What country do Americans overwhelmingly like the most? Canada.
What country do Canadians pretty much like the most? America.
What country has the natural resources America needs? Canada.
What country has the entrepreneurship, technology and defense capability Canada needs? America.
Has the time come to face the music and dance? Yes, says Diane Francis, editor-at-large at the National Post in Toronto. Her book "Merger of the Century: Why Canada and America Should Become One Country" is both provocative and persuasive.
"The genius of both societies is that they are very good at assimilating people from all over the world," Francis told me. "So why can't they do it themselves?"
Relatively small differences are why. Canadian intellectuals have long portrayed the United States as their violent, unruly twin. Many conservatives in this country, meanwhile, deride Canada as the socialistic land of single-payer medicine, gun control and other heavy regulation.
"I don't buy the narrative of American exceptionalism or Canadian superiority," says Francis, a dual citizen (born in Chicago). "Both have good points and bad points."
Americans close to the border already think a lot like Canadians, she notes. Some northern states actually have more liberal laws and lower crime rates than Canada's. "They are more Canadian than Canadians."
But set aside these "local" considerations. There's a big, scary reason the countries should merge: to create a united front against outside aggressors, especially China and Russia. These countries' sights are set on Canada's rich and poorly defended open spaces.
"Neither nation upholds the same values as Canadians or Americans," Francis writes, "and they represent Trojan horses that are eager to partition an already weak, fragmented Canada."
She goes on: "China has targeted Canada for years because of its enormous oil sands, its undeveloped resources, its dominant Arctic position, its backdoor entry into the U.S. market and technology sector, and its vast landmass capable of supporting millions more people."
For example, China's state-run oil company was able to buy Nexen, the Canadian oil giant, for $15 billion — despite loud public opposition and warnings by Canadian intelligence. China got a trade deal giving it special market access for 31 years, while Canadians are still banned from buying China's iconic corporations.
Meanwhile, the melting Arctic is exposing massive resources. Canadian blood pressure rose when Russian explorer Artur Chilingarov announced, "The Arctic is Russian" — and then his sub planted a Russian flag on the seabed.
Canada can hardly defend its territory in an age of resource grabbing while ranking 14th in defense spending and 74th in military manpower. Only the United States can do that, which, of course, it's been doing all along. Americans are tiring of providing free rides to other countries.
The United States and Canada could reach the altar by several paths. One would start with a single currency, move to a customs union and end at political union. Europe is already at monetary union. "The countries have different health care systems, different taxes, but there's no border."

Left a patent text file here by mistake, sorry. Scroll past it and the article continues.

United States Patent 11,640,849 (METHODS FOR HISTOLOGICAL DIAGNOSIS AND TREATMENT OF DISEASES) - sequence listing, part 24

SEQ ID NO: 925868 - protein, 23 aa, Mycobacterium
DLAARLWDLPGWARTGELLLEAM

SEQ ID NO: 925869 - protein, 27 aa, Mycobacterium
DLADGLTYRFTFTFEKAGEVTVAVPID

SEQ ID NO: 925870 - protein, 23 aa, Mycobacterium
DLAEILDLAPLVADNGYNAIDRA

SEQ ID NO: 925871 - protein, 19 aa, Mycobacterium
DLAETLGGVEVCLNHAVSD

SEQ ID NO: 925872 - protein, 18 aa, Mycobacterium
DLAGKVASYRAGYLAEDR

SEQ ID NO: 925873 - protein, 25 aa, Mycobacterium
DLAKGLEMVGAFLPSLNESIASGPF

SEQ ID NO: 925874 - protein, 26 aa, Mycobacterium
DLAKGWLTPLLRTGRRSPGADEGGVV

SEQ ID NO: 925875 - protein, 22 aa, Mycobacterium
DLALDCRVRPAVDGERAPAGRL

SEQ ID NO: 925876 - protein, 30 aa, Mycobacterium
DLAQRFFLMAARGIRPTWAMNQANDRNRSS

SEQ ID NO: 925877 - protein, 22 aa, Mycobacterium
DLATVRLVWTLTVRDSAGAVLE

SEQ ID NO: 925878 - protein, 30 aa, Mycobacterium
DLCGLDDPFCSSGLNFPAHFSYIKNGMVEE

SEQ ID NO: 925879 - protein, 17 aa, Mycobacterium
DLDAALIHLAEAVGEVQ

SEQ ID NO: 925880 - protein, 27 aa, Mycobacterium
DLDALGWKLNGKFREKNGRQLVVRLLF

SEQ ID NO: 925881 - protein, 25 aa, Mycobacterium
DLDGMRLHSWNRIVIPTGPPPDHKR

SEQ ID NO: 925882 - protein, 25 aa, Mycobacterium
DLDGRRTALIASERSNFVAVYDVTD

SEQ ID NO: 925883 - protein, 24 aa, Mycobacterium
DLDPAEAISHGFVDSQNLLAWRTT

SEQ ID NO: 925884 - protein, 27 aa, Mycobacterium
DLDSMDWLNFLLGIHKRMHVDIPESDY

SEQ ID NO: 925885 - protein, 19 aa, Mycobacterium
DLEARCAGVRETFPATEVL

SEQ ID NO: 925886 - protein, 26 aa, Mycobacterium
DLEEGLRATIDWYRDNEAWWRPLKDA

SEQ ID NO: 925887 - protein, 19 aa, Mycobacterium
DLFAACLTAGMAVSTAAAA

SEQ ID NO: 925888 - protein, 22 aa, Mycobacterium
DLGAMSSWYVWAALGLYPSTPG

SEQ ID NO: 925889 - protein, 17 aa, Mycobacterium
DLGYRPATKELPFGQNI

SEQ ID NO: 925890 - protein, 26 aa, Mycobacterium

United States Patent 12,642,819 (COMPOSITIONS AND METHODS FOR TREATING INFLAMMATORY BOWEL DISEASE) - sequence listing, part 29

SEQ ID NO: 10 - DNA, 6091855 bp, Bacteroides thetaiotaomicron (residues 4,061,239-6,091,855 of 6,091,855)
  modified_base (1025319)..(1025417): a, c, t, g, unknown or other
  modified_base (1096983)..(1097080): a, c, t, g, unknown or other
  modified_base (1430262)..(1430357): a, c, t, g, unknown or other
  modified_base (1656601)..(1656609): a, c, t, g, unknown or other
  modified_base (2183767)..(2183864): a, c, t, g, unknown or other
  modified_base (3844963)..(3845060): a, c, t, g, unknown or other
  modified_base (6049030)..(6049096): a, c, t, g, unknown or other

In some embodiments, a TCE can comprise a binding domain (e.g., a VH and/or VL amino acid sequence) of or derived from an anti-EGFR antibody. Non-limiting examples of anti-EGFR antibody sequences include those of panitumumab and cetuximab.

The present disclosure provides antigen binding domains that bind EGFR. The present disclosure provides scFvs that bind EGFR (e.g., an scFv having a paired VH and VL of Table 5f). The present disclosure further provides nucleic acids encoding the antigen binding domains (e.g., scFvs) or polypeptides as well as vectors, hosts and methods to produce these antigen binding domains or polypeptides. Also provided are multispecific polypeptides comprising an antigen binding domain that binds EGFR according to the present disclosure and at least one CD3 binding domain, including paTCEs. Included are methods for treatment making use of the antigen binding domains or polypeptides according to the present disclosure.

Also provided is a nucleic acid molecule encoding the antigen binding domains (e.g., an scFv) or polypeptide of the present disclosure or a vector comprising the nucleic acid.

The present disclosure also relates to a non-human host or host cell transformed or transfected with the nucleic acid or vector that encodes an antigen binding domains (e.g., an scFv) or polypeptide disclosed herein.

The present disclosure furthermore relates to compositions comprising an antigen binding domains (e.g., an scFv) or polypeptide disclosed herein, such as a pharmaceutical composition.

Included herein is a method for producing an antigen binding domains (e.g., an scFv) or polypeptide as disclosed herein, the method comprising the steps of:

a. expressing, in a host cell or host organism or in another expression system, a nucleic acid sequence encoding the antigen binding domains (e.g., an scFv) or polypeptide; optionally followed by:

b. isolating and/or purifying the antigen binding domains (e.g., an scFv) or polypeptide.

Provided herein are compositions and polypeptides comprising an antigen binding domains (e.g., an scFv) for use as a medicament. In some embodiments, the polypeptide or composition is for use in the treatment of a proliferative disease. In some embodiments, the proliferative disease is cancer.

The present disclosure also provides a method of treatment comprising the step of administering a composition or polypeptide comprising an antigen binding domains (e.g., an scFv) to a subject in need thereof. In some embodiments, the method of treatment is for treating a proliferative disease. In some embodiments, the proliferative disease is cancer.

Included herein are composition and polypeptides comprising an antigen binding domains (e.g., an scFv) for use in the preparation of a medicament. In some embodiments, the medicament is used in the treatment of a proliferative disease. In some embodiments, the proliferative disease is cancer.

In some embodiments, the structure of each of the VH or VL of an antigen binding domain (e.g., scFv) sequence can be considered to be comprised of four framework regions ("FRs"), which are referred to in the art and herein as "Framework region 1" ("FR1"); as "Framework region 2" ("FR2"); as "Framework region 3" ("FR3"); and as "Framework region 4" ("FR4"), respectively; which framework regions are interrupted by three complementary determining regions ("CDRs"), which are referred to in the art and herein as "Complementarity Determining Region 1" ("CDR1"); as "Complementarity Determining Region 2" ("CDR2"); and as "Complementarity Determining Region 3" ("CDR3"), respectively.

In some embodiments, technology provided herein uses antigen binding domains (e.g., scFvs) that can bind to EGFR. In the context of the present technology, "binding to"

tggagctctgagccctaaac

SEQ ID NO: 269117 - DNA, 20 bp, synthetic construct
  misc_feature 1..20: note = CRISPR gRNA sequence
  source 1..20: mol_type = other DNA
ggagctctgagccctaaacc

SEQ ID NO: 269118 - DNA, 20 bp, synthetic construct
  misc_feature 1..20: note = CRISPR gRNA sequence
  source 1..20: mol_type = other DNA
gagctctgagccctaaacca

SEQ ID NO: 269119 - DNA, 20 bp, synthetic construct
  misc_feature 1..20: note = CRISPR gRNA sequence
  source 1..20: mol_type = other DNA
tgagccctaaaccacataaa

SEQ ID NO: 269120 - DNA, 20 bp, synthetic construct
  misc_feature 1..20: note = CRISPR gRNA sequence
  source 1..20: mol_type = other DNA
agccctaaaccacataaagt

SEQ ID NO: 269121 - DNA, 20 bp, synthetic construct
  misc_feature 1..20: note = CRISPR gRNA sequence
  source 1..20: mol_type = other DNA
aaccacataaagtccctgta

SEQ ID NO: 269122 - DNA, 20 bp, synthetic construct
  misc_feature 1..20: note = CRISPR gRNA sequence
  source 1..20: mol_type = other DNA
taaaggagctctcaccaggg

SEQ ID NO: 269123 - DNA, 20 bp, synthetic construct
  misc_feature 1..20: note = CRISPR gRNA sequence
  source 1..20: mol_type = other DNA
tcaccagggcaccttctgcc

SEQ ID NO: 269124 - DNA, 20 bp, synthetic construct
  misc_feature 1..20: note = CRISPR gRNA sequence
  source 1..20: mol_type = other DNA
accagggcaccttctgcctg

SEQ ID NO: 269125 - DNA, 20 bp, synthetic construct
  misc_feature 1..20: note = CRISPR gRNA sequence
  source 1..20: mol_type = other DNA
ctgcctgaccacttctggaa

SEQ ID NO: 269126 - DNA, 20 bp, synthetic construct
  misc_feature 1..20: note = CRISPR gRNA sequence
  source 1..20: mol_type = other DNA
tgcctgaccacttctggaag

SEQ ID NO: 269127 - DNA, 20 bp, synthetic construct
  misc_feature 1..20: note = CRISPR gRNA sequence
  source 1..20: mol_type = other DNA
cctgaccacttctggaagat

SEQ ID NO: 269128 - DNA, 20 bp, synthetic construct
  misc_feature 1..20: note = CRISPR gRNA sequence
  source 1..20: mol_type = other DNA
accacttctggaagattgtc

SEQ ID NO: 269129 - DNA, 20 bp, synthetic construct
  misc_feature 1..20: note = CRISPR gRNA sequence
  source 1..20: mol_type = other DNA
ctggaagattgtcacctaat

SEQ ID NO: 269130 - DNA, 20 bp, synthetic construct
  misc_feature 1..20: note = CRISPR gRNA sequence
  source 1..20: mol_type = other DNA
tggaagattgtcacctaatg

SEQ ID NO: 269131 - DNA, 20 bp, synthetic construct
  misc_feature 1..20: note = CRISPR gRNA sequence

What does each partner have to offer? "Canada's best assets include its resources, stability and banking system, its strong relationship with the United States and an educated, law-abiding people," according to Francis.
America offers a culture of risk taking and entrepreneurship. It leads the world in technology and defense.
"There's no excuse for two countries as similar as us to not get rid of the border after 26 years of free trade," Francis says.
A merged Canada and U.S. would occupy more land than Russia or all of South America. It would become an energy and economic powerhouse less subject to foreign intrigue.
And few countries would mess with either of us.
(A member of the Providence Journal editorial board, Froma Harrop writes a nationally syndicated column from that city. She has written for such diverse publications as The New York Times, Harper's Bazaar and Institutional Investor.)
Last Updated on Wednesday, 31 December 1969 07:00
Our Constitution was written by men who had lived under tyranny. They fought against unfair taxation without representation. They yearned for independence and the freedoms that would stem from it. They wanted a government that would do the bidding of the people, and a government structure that would inhibit power. They believed as Lord Acton had said, that . . . "power corrupts, and absolute power corrupts absolutely".
The combination of their courage and their brilliance forged a document that spread power through three co-equal branches of government, as a way to avoid tyranny from a singular force. Changes would be slowed by the process, with split legislative branches having to reach compromise on the laws they would present to the Executive branch for signature and approval. And, if the people affected by the changes didn't agree, they could petition the third branch, the Judiciary for a redress of their grievances, and that branch would be apolitical and decide based on the law's constitutionality. That system worked well and contributed largely to the overwhelming success of our country . . . becoming the richest, the most powerful, the most generous, and the most free that the world has ever known.
Perhaps the most often overlooked feature however, is that the "separation of powers" worked because each branch respected the role of and need for the other. Our government was never intended to give one branch, or one individual, or one political group all the power. To do so would confirm, sadly, Lord Acton's wisdom. To do so would also put us on a course of diminishing freedoms and, as they diminished, they would be replaced with tyranny.
But now, we are beginning to see the frailties of our constitution. We see that if we begin to remove the respect by one branch towards another, we not only have differences between the three governmental structures for all the world to see, we evolve a distrust among the people, the citizens, who begin to "choose sides" based on their personal interest or gain, and not necessarily for the good of the country.